16-Year-Olds May Soon Be Allowed To Vote in this Major US City
A young woman prepares to vote in the stock image above. (vesperstock / Shutterstock)
By Jack Davis
Published September 13, 2020 at 10:44am
House Speaker Nancy Pelosis home turf will decide this fall whether it will allow 16-year-olds to vote in local elections.
San Francisco residents rejected a similar measure in 2016, but organizers of the initiative are hoping for success this time around.
I really think that Vote 16 will help youth of color in San Francisco establish the habit of voting at an earlier age, and really provide them with the support and the resources that they need to continue building on that habit as they grow older, 18- year-old Crystal Chan, who is part of Vote 16 SF, which pushed for the measure to be on Novembers ballot, told NBC News.
If the measure passes, San Francisco would become the first major U.S. city to allow 16- and 17-year-olds to vote in municipal elections.
Voting at 16 is supported by Pelosi, who represents the city.
I think its really important to capture kids when theyre in high school, when theyre interested in all of this, when theyre learning about government, to be able to vote, she said in 2019.
One of Vote 16s leaders said the sooner people begin voting, the better it is for democracy.
Research is clear on this, that voting is a habit. And 16 is a better time than 18 to establish that habit, Brandon Klugman, Vote 16s campaign manager, told NBC.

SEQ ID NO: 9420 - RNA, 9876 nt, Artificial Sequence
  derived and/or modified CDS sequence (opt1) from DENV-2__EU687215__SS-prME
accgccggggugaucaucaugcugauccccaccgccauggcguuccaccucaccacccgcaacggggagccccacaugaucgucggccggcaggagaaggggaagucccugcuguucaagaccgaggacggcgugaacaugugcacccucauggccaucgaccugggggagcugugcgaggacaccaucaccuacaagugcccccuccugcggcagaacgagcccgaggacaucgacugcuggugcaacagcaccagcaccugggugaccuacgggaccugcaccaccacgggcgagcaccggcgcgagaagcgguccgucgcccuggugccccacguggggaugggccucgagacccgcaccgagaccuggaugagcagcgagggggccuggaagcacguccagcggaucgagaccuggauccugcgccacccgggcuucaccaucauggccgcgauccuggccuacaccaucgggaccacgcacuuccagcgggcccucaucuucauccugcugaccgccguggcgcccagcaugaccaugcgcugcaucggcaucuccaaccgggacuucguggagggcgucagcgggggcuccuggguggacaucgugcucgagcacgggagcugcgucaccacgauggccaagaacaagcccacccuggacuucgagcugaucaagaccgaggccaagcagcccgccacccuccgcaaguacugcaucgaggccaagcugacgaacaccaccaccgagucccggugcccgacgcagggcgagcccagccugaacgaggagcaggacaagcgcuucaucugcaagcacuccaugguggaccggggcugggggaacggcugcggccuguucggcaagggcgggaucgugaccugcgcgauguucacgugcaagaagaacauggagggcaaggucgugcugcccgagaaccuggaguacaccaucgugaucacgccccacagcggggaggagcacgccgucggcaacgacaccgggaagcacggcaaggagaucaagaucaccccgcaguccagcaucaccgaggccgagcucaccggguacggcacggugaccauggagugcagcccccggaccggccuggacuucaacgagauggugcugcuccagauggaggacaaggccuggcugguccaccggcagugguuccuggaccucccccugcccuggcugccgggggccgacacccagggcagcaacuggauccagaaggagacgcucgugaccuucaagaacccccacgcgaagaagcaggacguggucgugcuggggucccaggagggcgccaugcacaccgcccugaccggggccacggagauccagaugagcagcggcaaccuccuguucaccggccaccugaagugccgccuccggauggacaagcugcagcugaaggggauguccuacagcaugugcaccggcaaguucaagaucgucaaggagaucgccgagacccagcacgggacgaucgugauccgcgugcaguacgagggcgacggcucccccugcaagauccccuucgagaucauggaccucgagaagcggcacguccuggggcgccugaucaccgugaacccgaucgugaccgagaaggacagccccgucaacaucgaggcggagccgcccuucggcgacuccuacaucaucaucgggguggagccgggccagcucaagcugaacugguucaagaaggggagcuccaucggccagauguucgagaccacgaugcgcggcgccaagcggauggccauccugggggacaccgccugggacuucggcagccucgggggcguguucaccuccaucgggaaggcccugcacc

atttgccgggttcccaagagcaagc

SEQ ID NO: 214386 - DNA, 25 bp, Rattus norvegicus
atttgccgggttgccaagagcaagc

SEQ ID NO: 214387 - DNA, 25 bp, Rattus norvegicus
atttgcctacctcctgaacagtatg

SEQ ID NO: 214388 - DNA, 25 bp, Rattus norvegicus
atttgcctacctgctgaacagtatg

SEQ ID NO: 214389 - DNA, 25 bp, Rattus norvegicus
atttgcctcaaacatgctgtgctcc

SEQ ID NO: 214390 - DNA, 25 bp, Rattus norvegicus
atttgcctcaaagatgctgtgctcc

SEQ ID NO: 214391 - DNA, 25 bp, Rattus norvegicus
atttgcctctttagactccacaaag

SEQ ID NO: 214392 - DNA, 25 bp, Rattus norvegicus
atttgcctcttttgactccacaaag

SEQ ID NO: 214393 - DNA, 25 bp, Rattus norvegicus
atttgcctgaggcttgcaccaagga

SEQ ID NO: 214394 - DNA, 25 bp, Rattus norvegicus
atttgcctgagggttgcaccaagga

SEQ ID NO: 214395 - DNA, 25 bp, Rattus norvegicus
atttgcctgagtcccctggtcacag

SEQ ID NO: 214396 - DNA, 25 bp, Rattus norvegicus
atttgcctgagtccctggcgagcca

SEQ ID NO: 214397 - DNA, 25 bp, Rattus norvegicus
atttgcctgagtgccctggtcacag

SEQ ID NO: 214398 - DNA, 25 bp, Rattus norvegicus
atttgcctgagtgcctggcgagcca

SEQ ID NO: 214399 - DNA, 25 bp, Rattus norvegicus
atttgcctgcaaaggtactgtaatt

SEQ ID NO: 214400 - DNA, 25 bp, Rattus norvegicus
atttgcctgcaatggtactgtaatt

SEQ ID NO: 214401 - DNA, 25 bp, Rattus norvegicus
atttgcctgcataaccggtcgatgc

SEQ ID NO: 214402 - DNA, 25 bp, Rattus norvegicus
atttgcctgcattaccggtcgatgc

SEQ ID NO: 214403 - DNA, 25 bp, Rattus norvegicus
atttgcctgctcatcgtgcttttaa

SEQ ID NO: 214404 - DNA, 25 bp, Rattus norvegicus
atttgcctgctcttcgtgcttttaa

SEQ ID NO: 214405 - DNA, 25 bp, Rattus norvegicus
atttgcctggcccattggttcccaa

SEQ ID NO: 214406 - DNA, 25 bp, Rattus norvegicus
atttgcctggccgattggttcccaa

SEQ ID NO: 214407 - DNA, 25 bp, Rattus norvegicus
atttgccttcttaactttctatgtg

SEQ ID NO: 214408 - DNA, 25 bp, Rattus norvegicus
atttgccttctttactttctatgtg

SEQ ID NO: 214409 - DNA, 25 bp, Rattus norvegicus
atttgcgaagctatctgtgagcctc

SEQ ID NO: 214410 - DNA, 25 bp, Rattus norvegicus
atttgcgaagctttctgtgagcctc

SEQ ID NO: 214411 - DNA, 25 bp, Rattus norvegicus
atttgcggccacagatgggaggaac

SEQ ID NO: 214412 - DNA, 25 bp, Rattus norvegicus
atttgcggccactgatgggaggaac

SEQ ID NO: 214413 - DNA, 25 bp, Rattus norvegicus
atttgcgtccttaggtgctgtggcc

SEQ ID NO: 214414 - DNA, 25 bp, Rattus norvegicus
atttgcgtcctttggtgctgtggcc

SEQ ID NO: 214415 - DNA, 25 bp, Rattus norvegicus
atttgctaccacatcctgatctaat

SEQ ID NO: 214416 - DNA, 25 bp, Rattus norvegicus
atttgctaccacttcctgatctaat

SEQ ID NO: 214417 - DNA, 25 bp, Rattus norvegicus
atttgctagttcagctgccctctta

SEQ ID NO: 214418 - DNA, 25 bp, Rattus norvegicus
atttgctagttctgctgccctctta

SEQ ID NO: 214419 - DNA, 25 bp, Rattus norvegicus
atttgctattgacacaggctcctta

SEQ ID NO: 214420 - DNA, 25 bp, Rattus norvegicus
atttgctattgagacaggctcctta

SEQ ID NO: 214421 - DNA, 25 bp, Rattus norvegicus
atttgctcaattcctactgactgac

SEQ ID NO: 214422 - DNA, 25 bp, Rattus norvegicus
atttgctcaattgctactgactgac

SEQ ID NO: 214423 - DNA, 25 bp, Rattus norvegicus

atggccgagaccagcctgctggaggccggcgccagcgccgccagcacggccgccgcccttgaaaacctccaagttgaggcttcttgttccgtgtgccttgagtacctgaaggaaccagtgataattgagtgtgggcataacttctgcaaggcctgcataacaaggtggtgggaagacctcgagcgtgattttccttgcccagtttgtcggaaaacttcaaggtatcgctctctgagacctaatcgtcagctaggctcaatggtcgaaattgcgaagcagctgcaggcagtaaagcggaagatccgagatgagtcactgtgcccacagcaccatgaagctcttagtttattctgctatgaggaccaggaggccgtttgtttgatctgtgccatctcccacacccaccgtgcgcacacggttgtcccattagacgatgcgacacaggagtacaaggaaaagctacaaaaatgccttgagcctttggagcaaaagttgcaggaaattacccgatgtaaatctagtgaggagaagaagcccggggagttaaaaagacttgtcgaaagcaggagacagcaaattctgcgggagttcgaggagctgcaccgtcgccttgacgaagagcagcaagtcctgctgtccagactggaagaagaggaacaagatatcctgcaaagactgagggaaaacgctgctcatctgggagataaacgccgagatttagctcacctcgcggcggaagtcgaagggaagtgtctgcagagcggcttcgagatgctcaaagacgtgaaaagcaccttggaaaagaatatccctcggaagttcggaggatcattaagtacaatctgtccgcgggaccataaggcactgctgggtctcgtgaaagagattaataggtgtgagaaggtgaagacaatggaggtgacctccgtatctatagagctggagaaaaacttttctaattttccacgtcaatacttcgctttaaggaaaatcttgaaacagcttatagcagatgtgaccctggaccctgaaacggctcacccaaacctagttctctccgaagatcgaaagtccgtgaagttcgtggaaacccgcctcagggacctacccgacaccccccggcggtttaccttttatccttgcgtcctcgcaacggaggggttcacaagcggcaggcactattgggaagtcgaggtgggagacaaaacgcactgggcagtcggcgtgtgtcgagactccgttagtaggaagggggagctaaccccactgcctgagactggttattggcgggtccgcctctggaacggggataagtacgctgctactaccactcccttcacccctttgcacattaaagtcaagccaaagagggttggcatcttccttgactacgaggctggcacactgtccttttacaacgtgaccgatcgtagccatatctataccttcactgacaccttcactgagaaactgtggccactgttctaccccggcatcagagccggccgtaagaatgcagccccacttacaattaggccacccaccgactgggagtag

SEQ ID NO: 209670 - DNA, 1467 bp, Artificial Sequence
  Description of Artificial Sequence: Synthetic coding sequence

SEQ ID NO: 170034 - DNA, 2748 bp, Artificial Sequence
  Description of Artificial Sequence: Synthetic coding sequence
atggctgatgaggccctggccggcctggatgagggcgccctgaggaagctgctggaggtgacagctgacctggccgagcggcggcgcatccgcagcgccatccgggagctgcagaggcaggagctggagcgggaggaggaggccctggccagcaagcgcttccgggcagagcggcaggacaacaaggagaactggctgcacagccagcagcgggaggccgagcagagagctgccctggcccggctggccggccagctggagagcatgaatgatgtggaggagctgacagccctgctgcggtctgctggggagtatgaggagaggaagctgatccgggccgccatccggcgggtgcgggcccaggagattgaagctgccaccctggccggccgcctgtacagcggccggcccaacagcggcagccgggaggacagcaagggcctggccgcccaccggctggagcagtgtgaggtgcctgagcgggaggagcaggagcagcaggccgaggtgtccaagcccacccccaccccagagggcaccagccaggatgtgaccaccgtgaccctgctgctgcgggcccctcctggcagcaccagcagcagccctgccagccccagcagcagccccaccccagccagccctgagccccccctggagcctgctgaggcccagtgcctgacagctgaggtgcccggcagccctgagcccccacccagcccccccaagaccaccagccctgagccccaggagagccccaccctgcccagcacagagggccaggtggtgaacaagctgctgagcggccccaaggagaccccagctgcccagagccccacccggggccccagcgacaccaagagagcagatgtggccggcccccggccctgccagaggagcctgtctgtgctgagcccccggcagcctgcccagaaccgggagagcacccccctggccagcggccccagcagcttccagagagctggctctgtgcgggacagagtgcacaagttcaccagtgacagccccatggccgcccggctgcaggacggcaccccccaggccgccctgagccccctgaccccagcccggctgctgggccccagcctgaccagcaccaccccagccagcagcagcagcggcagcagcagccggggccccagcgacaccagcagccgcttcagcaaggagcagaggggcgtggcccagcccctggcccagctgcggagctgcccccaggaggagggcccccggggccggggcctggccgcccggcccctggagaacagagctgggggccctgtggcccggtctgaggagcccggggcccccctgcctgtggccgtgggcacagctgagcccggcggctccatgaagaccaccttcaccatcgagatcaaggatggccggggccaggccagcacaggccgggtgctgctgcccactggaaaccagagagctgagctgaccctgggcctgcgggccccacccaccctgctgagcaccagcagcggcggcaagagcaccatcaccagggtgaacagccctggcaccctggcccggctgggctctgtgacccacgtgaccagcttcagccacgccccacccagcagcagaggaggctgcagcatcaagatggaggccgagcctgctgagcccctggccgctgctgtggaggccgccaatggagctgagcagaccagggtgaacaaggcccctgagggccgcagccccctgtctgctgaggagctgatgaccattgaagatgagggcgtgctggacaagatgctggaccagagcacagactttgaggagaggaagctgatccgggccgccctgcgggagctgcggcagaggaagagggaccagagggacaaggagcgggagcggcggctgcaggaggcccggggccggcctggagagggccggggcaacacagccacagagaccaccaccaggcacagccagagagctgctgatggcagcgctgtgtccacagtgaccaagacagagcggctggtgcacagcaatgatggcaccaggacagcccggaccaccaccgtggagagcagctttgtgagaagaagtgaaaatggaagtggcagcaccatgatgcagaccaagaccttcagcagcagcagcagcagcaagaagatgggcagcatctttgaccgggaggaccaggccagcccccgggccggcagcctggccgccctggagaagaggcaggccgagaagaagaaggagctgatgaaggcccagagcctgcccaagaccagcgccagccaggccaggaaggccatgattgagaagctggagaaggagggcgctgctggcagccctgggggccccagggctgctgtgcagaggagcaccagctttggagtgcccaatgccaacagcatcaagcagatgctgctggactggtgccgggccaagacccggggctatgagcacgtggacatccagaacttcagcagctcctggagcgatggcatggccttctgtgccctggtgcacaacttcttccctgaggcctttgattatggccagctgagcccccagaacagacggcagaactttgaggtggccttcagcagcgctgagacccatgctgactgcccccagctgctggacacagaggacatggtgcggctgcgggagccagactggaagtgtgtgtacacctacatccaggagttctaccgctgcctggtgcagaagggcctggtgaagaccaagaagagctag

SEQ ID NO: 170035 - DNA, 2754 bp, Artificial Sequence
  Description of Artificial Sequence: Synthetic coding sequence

Our motivation here first and foremost is to make sure that we put new voters in a position to establish that habit in the first election theyre eligible for, and then to continue participating throughout their lives which is good for democracy on every level, he said.
But Republican activist Nate Hochman, a college senior, said too few 16-year-olds understand exactly what good governance looks like.
Sixteen-year-olds theyre sophomores, juniors in high school like theyre deeply impressionable. Theyre largely interested in learning what, you know, their friends are doing and appearing to be cool, said Hochman, who attends Colorado College.
And theyre not capable of making completely rational decisions about voting, he told NBC.
Klugman, however, said that teens should have a voice in decisions that affect them.
Weve seen the concrete effects that local policy decisions make on the lives of young people really more clearly than ever as school boards and local officials figure out how theyre gonna reopen schools
how theyre going to make sure that young people have access to remote learning and the achievement gap doesnt widen, he said.
Many on Twitter said they think lowering the voting age would be a mistake:
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16 is way too young to vote. They need life experience. At 16 many of them have zits because their hormones are just starting up.